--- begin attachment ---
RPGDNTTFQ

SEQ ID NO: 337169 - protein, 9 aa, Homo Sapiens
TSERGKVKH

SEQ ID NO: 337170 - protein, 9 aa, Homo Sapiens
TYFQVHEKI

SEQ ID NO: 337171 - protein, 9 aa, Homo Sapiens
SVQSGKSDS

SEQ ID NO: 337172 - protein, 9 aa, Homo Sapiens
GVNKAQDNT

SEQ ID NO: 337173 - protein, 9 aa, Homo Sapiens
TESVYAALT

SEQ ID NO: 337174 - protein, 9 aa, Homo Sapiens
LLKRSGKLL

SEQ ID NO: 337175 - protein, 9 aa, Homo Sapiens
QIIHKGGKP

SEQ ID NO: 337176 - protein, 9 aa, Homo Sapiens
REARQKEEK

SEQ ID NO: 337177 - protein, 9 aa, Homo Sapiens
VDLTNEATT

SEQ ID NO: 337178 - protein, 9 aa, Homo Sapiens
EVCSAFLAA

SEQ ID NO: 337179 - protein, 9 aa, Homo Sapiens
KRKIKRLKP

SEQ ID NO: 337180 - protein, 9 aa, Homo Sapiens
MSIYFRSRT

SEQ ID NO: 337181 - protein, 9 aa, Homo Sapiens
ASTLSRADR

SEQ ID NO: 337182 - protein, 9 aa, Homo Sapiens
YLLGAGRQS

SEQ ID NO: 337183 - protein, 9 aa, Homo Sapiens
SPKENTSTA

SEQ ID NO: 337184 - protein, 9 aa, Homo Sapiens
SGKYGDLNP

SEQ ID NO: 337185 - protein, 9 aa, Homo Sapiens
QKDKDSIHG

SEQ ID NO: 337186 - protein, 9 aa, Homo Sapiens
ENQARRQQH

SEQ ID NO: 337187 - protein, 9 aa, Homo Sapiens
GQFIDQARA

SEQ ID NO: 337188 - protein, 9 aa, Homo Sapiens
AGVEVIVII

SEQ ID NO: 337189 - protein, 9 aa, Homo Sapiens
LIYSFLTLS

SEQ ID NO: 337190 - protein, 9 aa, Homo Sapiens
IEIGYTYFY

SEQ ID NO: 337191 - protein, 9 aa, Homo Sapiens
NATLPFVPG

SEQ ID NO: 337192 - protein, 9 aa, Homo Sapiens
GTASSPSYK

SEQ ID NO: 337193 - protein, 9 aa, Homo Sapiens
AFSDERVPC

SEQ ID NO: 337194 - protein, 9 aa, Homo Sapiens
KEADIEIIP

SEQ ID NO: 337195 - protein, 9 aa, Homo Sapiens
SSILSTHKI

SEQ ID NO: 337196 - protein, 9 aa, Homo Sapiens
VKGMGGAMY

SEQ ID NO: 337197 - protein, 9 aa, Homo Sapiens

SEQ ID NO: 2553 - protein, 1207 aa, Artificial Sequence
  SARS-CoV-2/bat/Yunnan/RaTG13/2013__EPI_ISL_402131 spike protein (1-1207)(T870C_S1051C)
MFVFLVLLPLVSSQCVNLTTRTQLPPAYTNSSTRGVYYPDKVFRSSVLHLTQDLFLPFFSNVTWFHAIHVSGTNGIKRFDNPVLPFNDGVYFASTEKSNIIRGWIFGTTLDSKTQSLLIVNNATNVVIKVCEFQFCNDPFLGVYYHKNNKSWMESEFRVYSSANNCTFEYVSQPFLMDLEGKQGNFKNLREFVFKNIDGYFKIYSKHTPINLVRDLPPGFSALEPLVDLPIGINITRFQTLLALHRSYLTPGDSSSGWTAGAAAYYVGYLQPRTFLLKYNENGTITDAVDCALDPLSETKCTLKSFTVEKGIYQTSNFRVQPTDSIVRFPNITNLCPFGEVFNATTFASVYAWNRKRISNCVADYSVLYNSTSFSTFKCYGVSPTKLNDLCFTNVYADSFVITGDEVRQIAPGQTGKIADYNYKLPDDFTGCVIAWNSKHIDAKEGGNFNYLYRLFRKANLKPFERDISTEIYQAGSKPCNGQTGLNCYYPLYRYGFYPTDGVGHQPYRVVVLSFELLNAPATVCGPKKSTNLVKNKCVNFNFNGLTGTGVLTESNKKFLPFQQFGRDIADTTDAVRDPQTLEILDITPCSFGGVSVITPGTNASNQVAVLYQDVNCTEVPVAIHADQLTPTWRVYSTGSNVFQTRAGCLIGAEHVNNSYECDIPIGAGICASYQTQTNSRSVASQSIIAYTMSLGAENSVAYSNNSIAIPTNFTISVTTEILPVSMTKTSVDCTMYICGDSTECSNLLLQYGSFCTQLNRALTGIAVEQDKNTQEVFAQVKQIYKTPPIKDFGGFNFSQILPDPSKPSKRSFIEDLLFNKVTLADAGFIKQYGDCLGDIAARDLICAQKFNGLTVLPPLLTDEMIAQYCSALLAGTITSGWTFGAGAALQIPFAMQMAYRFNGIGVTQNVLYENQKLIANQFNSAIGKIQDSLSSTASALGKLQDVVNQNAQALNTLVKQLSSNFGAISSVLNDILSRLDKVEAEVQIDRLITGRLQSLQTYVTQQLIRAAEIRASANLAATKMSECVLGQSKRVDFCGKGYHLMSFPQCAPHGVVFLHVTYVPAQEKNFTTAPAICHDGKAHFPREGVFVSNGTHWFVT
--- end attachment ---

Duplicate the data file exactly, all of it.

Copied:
RPGDNTTFQ

SEQ ID NO: 337169 - protein, 9 aa, Homo Sapiens
TSERGKVKH

SEQ ID NO: 337170 - protein, 9 aa, Homo Sapiens
TYFQVHEKI

SEQ ID NO: 337171 - protein, 9 aa, Homo Sapiens
SVQSGKSDS

SEQ ID NO: 337172 - protein, 9 aa, Homo Sapiens
GVNKAQDNT

SEQ ID NO: 337173 - protein, 9 aa, Homo Sapiens
TESVYAALT

SEQ ID NO: 337174 - protein, 9 aa, Homo Sapiens
LLKRSGKLL

SEQ ID NO: 337175 - protein, 9 aa, Homo Sapiens
QIIHKGGKP

SEQ ID NO: 337176 - protein, 9 aa, Homo Sapiens
REARQKEEK

SEQ ID NO: 337177 - protein, 9 aa, Homo Sapiens
VDLTNEATT

SEQ ID NO: 337178 - protein, 9 aa, Homo Sapiens
EVCSAFLAA

SEQ ID NO: 337179 - protein, 9 aa, Homo Sapiens
KRKIKRLKP

SEQ ID NO: 337180 - protein, 9 aa, Homo Sapiens
MSIYFRSRT

SEQ ID NO: 337181 - protein, 9 aa, Homo Sapiens
ASTLSRADR

SEQ ID NO: 337182 - protein, 9 aa, Homo Sapiens
YLLGAGRQS

SEQ ID NO: 337183 - protein, 9 aa, Homo Sapiens
SPKENTSTA

SEQ ID NO: 337184 - protein, 9 aa, Homo Sapiens
SGKYGDLNP

SEQ ID NO: 337185 - protein, 9 aa, Homo Sapiens
QKDKDSIHG

SEQ ID NO: 337186 - protein, 9 aa, Homo Sapiens
ENQARRQQH

SEQ ID NO: 337187 - protein, 9 aa, Homo Sapiens
GQFIDQARA

SEQ ID NO: 337188 - protein, 9 aa, Homo Sapiens
AGVEVIVII

SEQ ID NO: 337189 - protein, 9 aa, Homo Sapiens
LIYSFLTLS

SEQ ID NO: 337190 - protein, 9 aa, Homo Sapiens
IEIGYTYFY

SEQ ID NO: 337191 - protein, 9 aa, Homo Sapiens
NATLPFVPG

SEQ ID NO: 337192 - protein, 9 aa, Homo Sapiens
GTASSPSYK

SEQ ID NO: 337193 - protein, 9 aa, Homo Sapiens
AFSDERVPC

SEQ ID NO: 337194 - protein, 9 aa, Homo Sapiens
KEADIEIIP

SEQ ID NO: 337195 - protein, 9 aa, Homo Sapiens
SSILSTHKI

SEQ ID NO: 337196 - protein, 9 aa, Homo Sapiens
VKGMGGAMY

SEQ ID NO: 337197 - protein, 9 aa, Homo Sapiens

SEQ ID NO: 2553 - protein, 1207 aa, Artificial Sequence
  SARS-CoV-2/bat/Yunnan/RaTG13/2013__EPI_ISL_402131 spike protein (1-1207)(T870C_S1051C)
MFVFLVLLPLVSSQCVNLTTRTQLPPAYTNSSTRGVYYPDKVFRSSVLHLTQDLFLPFFSNVTWFHAIHVSGTNGIKRFDNPVLPFNDGVYFASTEKSNIIRGWIFGTTLDSKTQSLLIVNNATNVVIKVCEFQFCNDPFLGVYYHKNNKSWMESEFRVYSSANNCTFEYVSQPFLMDLEGKQGNFKNLREFVFKNIDGYFKIYSKHTPINLVRDLPPGFSALEPLVDLPIGINITRFQTLLALHRSYLTPGDSSSGWTAGAAAYYVGYLQPRTFLLKYNENGTITDAVDCALDPLSETKCTLKSFTVEKGIYQTSNFRVQPTDSIVRFPNITNLCPFGEVFNATTFASVYAWNRKRISNCVADYSVLYNSTSFSTFKCYGVSPTKLNDLCFTNVYADSFVITGDEVRQIAPGQTGKIADYNYKLPDDFTGCVIAWNSKHIDAKEGGNFNYLYRLFRKANLKPFERDISTEIYQAGSKPCNGQTGLNCYYPLYRYGFYPTDGVGHQPYRVVVLSFELLNAPATVCGPKKSTNLVKNKCVNFNFNGLTGTGVLTESNKKFLPFQQFGRDIADTTDAVRDPQTLEILDITPCSFGGVSVITPGTNASNQVAVLYQDVNCTEVPVAIHADQLTPTWRVYSTGSNVFQTRAGCLIGAEHVNNSYECDIPIGAGICASYQTQTNSRSVASQSIIAYTMSLGAENSVAYSNNSIAIPTNFTISVTTEILPVSMTKTSVDCTMYICGDSTECSNLLLQYGSFCTQLNRALTGIAVEQDKNTQEVFAQVKQIYKTPPIKDFGGFNFSQILPDPSKPSKRSFIEDLLFNKVTLADAGFIKQYGDCLGDIAARDLICAQKFNGLTVLPPLLTDEMIAQYCSALLAGTITSGWTFGAGAALQIPFAMQMAYRFNGIGVTQNVLYENQKLIANQFNSAIGKIQDSLSSTASALGKLQDVVNQNAQALNTLVKQLSSNFGAISSVLNDILSRLDKVEAEVQIDRLITGRLQSLQTYVTQQLIRAAEIRASANLAATKMSECVLGQSKRVDFCGKGYHLMSFPQCAPHGVVFLHVTYVPAQEKNFTTAPAICHDGKAHFPREGVFVSNGTHWFVT